Methods of Bread Making
Straight Dough Method of bread making
In this method, yeast is dissolved with a portion of the liquid. The rest of the ingredients, except flour, are combined with the remainder of the water and mixed. The flour and yeast solution is added and the dough kneaded until it is smooth. Shortening is kneaded in last. Fermentation is longer in this type of dough as yeast is less.
No-time Dough Method of bread making
In this method, all the ingredients are mixed in a once and the dough is used immediately. Yeast is more and the fermentation period is eliminated.
Sponge Dough Method of bread making
Here a ferment is made with yeast, part of the liquid, sugar and salt. It is kept to ferment and only then is the rest of the flour and liquid added.
Ferment Dough Method of bread making
Similar to sponge dough method, only fat and sugar content is higher.
Salt Delayed Method of bread making
This is a variation of the straight dough method. Salt is added only after 2/3 of the fermentation time is over. Yeast multiplies at a faster before being inhibited by salt. Therefore, fermentation is faster.
Sour Dough Method of bread making
Left over dough is kept until it over- ferments and turns sour. This is added to the new dough and acts as a partial substitute for yeast. It provides a distinct flavour to the bread.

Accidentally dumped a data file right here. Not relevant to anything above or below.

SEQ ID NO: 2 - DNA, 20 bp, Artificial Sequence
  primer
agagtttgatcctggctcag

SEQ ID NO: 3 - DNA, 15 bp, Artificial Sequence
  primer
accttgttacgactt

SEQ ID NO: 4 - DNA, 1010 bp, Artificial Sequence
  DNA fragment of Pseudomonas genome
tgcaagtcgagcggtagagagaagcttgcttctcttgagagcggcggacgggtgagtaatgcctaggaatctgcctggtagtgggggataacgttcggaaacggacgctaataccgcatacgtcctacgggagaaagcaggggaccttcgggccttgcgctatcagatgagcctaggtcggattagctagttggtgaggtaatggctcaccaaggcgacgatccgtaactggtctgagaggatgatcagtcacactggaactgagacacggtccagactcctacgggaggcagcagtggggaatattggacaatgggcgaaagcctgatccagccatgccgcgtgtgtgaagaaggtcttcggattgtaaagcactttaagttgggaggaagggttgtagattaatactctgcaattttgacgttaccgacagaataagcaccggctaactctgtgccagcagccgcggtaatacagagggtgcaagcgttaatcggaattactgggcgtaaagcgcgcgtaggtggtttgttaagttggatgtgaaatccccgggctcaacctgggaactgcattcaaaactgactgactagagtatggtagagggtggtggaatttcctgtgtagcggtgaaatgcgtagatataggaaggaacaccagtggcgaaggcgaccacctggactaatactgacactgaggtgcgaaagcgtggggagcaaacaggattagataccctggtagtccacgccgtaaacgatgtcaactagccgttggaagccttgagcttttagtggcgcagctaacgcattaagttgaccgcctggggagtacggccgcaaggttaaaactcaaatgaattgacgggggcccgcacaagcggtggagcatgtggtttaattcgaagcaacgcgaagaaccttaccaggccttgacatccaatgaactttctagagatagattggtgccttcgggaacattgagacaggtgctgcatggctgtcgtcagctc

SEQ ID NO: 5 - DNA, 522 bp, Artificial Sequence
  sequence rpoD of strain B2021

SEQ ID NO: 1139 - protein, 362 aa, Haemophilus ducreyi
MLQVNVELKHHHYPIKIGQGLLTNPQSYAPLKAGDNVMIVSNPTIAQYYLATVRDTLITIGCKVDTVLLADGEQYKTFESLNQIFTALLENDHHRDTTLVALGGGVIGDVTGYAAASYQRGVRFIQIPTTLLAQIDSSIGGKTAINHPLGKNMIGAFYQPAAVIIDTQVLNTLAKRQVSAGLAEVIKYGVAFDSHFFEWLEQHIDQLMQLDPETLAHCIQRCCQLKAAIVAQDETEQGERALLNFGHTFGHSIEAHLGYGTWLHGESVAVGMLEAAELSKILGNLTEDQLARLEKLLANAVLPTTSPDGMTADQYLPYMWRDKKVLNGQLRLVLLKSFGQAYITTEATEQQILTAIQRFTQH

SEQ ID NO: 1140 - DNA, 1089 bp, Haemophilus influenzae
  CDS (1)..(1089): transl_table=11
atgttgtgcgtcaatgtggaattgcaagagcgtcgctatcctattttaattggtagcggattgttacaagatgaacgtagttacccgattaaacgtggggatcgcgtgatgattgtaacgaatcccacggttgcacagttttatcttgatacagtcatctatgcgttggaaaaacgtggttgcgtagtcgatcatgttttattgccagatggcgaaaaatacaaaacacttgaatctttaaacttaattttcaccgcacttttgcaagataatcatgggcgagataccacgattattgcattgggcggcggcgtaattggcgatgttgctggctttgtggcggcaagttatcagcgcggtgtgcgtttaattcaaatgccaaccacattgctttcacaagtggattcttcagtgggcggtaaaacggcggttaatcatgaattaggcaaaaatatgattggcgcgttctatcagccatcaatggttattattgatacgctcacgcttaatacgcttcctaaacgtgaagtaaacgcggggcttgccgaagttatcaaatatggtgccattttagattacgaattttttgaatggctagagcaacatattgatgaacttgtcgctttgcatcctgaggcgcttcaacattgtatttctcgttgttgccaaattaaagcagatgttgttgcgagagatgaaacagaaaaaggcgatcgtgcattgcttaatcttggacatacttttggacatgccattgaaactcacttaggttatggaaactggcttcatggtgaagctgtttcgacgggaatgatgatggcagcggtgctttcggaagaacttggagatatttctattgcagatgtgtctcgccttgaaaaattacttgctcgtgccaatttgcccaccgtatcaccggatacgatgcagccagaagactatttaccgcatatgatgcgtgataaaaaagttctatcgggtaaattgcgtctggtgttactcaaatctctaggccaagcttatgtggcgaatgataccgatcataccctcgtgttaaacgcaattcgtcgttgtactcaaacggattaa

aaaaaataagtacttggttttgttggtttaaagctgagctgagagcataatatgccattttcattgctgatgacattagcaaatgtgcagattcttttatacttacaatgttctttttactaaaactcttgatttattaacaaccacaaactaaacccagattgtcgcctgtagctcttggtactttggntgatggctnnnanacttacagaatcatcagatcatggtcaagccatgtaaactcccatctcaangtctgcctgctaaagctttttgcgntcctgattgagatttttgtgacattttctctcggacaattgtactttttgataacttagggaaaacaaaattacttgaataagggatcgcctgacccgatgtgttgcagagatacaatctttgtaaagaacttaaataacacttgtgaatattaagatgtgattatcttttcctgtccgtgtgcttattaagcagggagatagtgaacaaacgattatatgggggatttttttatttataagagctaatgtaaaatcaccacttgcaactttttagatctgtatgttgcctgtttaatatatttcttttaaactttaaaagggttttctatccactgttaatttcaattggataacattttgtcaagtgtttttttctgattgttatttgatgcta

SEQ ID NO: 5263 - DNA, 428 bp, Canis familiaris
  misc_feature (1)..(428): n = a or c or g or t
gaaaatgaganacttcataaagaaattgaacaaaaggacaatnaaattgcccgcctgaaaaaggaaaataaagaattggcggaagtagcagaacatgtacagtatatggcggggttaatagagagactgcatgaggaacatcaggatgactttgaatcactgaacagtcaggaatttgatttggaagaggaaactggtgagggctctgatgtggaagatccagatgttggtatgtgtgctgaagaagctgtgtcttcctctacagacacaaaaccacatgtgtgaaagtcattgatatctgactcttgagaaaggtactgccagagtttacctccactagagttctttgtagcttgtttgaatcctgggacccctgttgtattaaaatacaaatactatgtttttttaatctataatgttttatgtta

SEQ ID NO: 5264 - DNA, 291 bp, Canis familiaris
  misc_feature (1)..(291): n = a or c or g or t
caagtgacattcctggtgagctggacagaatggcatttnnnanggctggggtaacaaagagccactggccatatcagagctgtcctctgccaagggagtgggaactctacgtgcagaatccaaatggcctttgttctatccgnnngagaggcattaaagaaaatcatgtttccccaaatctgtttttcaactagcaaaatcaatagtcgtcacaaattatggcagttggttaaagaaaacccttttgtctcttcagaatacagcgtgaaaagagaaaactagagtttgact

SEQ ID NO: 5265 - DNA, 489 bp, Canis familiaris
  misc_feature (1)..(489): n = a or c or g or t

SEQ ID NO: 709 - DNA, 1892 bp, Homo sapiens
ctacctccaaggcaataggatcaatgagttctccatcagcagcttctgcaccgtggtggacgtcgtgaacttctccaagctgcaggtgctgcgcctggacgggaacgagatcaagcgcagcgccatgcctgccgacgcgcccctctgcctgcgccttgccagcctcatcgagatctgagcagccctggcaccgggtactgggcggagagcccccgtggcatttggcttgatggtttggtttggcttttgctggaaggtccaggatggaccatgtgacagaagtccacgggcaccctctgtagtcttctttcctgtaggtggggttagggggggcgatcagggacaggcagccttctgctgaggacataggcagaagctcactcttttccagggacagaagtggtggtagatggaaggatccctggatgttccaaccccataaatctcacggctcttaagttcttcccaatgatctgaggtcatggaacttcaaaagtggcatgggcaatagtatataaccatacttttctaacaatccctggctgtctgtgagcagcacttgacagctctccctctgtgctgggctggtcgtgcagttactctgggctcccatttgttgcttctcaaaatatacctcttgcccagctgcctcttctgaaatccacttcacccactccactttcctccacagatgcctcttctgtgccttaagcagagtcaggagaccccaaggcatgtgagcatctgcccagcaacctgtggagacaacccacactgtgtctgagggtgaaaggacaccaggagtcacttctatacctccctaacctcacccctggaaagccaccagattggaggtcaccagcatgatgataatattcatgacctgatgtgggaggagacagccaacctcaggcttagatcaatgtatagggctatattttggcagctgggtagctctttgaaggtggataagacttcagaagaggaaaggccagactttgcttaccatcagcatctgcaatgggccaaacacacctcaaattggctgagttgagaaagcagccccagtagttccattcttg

Hot Dough Method of bread making
The temperature of the dough is maintained at 88ºF by using lukewarm water. This is done when there is shortage of time and fermentation has to be done faster. The quality of the bread made by this method is not so good.
Continuous Bread Making Method
This is a machine method of making bread. A liquid broth of yeast, water, sugar, milk solids, salt and yeast food is prepared in steel tanks by mechanical agitators. The temperature of the broth is maintained at 86ºF. After the broth is fermented, it is pumped into an incorporator where flour and fat are roughly mixed in. It then moves on to the developers where gluten is developed by high speed mixing. It then goes on to dividers where the dough is measured, cut out and moulded. It is then placed on greased trays ready to proof and bake.
Faults in Bread Making
- Poor Volume: Too much salt, too little yeast, weak flour, over or under mixing, improper fermentation or proofing, oven too hot.
- Too much volume: too little salt, too much yeast, too much dough scaled, over-proofed.
- Poor shape: too much liquid, improper moulding, improper proofing, too much steam in oven.
- Split or burst crust: over-mixing, under-fermentation, improper moulding (seam not on bottom), oven too hot, not enough steam in oven.
Texture and Crumb Faults
- Too dense or close grained: too little yeast, under-proofed, too much salt, too little liquid.
- Too coarse or open: too much yeast or liquid, incorrect mixing time, improper fermentation, over proofed, pans too large.
- Streaked crumb: improper mixing procedure, poor moulding or make up techniques, too much flour used for dusting.
- Poor texture or crumbly: fermentation time too long or too short, over-proofed, oven temperature too low, flour too weak, too little salt.
- Too dark: too much sugar or milk, under-fermentation, oven temperature too high, baking time too long, insufficient steam at beginning of baking.
- Too pale: Too little sugar or milk, over-fermentation, over-proofed, oven temperature too low, baking time too short, too much steam in oven.